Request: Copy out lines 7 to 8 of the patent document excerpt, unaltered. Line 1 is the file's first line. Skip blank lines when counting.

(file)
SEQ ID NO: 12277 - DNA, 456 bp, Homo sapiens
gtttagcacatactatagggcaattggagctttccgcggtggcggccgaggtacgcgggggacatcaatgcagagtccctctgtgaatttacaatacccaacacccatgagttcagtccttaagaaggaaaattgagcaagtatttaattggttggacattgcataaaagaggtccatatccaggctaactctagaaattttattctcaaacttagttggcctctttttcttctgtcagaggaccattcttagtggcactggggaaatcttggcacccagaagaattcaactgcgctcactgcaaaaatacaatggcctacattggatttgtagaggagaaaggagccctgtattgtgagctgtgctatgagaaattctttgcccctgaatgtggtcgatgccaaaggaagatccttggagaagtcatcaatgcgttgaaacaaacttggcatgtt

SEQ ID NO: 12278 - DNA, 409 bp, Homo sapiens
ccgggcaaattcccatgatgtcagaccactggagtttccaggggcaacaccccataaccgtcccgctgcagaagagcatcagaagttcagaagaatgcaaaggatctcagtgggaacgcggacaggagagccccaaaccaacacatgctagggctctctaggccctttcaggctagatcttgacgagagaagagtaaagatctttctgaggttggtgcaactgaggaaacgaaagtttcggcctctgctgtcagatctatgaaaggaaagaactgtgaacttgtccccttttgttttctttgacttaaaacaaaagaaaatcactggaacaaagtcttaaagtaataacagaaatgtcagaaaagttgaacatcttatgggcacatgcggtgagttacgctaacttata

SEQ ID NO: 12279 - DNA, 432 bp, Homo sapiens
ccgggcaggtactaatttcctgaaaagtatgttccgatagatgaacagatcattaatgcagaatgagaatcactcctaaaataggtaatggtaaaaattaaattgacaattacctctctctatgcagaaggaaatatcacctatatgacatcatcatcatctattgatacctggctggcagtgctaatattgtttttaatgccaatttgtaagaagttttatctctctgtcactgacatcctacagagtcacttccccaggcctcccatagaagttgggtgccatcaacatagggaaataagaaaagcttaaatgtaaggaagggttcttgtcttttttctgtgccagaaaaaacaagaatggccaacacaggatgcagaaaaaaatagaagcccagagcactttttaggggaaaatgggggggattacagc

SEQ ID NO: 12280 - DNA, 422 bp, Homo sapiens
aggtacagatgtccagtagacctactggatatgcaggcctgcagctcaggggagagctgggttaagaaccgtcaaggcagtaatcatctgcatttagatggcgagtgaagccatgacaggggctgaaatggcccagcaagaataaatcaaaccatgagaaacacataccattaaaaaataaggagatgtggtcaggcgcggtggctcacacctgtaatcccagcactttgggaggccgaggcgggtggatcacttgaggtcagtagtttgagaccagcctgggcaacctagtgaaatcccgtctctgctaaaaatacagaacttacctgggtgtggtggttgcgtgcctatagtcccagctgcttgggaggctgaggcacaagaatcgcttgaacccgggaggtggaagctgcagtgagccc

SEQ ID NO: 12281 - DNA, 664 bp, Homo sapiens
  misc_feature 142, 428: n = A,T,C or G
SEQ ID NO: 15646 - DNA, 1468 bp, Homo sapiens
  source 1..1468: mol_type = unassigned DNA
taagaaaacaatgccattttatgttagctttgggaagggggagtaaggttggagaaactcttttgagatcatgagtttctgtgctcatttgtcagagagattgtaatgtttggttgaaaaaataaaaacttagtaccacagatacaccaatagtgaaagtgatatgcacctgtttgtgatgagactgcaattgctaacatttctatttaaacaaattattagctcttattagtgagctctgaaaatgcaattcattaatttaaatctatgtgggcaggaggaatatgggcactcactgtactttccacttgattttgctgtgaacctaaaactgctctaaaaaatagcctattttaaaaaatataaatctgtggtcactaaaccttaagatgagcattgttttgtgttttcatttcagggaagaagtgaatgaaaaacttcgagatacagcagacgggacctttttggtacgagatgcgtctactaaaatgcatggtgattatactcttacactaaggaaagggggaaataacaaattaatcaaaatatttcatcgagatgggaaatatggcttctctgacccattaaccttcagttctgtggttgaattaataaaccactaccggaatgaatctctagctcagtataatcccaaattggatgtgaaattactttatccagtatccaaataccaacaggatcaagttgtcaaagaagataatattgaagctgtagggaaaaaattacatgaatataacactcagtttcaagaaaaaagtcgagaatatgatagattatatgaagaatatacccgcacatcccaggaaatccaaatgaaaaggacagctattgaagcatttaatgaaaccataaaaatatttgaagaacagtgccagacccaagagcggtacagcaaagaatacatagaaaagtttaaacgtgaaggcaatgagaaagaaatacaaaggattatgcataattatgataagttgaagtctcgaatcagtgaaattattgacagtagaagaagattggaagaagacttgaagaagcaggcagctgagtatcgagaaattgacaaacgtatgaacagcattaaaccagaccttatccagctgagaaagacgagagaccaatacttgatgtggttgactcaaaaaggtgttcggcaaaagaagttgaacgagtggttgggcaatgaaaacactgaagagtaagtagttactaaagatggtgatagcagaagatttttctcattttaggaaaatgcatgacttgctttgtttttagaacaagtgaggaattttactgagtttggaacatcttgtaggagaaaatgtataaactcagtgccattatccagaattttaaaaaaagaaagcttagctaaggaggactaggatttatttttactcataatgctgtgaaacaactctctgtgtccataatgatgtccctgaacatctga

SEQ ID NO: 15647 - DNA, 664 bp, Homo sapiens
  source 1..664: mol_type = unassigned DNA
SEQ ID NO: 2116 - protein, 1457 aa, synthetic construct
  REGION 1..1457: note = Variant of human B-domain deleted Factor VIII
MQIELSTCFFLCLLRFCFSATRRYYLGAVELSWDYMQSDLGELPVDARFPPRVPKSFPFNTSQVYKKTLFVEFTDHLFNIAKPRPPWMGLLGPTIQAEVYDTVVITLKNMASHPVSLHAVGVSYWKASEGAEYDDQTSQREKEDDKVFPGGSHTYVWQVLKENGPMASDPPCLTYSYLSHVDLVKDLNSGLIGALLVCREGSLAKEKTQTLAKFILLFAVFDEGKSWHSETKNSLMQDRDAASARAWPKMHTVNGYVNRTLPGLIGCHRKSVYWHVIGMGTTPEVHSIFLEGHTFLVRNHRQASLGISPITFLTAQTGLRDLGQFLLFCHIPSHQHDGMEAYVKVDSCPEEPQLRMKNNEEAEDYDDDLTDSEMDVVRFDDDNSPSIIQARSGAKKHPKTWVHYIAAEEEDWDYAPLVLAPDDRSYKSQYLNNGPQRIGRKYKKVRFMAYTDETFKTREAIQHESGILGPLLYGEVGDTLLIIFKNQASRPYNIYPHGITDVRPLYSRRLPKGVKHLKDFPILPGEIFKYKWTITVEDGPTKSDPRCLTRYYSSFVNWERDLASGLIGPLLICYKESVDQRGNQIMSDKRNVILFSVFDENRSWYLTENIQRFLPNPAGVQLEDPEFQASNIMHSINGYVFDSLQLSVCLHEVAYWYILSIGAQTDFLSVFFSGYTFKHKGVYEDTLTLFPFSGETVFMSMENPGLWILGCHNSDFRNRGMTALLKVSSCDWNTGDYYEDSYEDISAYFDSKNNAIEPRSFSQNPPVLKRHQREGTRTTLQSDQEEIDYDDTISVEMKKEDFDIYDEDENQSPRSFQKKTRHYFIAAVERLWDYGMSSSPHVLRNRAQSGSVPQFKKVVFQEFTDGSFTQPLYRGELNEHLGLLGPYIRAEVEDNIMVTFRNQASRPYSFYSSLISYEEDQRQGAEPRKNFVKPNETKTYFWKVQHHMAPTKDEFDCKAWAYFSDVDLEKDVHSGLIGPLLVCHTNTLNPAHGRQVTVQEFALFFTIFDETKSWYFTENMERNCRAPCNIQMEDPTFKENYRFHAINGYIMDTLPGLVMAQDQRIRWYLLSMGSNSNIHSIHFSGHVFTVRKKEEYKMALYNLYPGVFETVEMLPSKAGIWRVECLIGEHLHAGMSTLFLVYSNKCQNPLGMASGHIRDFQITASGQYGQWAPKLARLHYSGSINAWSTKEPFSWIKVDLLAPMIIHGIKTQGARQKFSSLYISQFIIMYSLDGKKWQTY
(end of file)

SEQ ID NO: 12280 - DNA, 422 bp, Homo sapiens
aggtacagatgtccagtagacctactggatatgcaggcctgcagctcaggggagagctgggttaagaaccgtcaaggcagtaatcatctgcatttagatggcgagtgaagccatgacaggggctgaaatggcccagcaagaataaatcaaaccatgagaaacacataccattaaaaaataaggagatgtggtcaggcgcggtggctcacacctgtaatcccagcactttgggaggccgaggcgggtggatcacttgaggtcagtagtttgagaccagcctgggcaacctagtgaaatcccgtctctgctaaaaatacagaacttacctgggtgtggtggttgcgtgcctatagtcccagctgcttgggaggctgaggcacaagaatcgcttgaacccgggaggtggaagctgcagtgagccc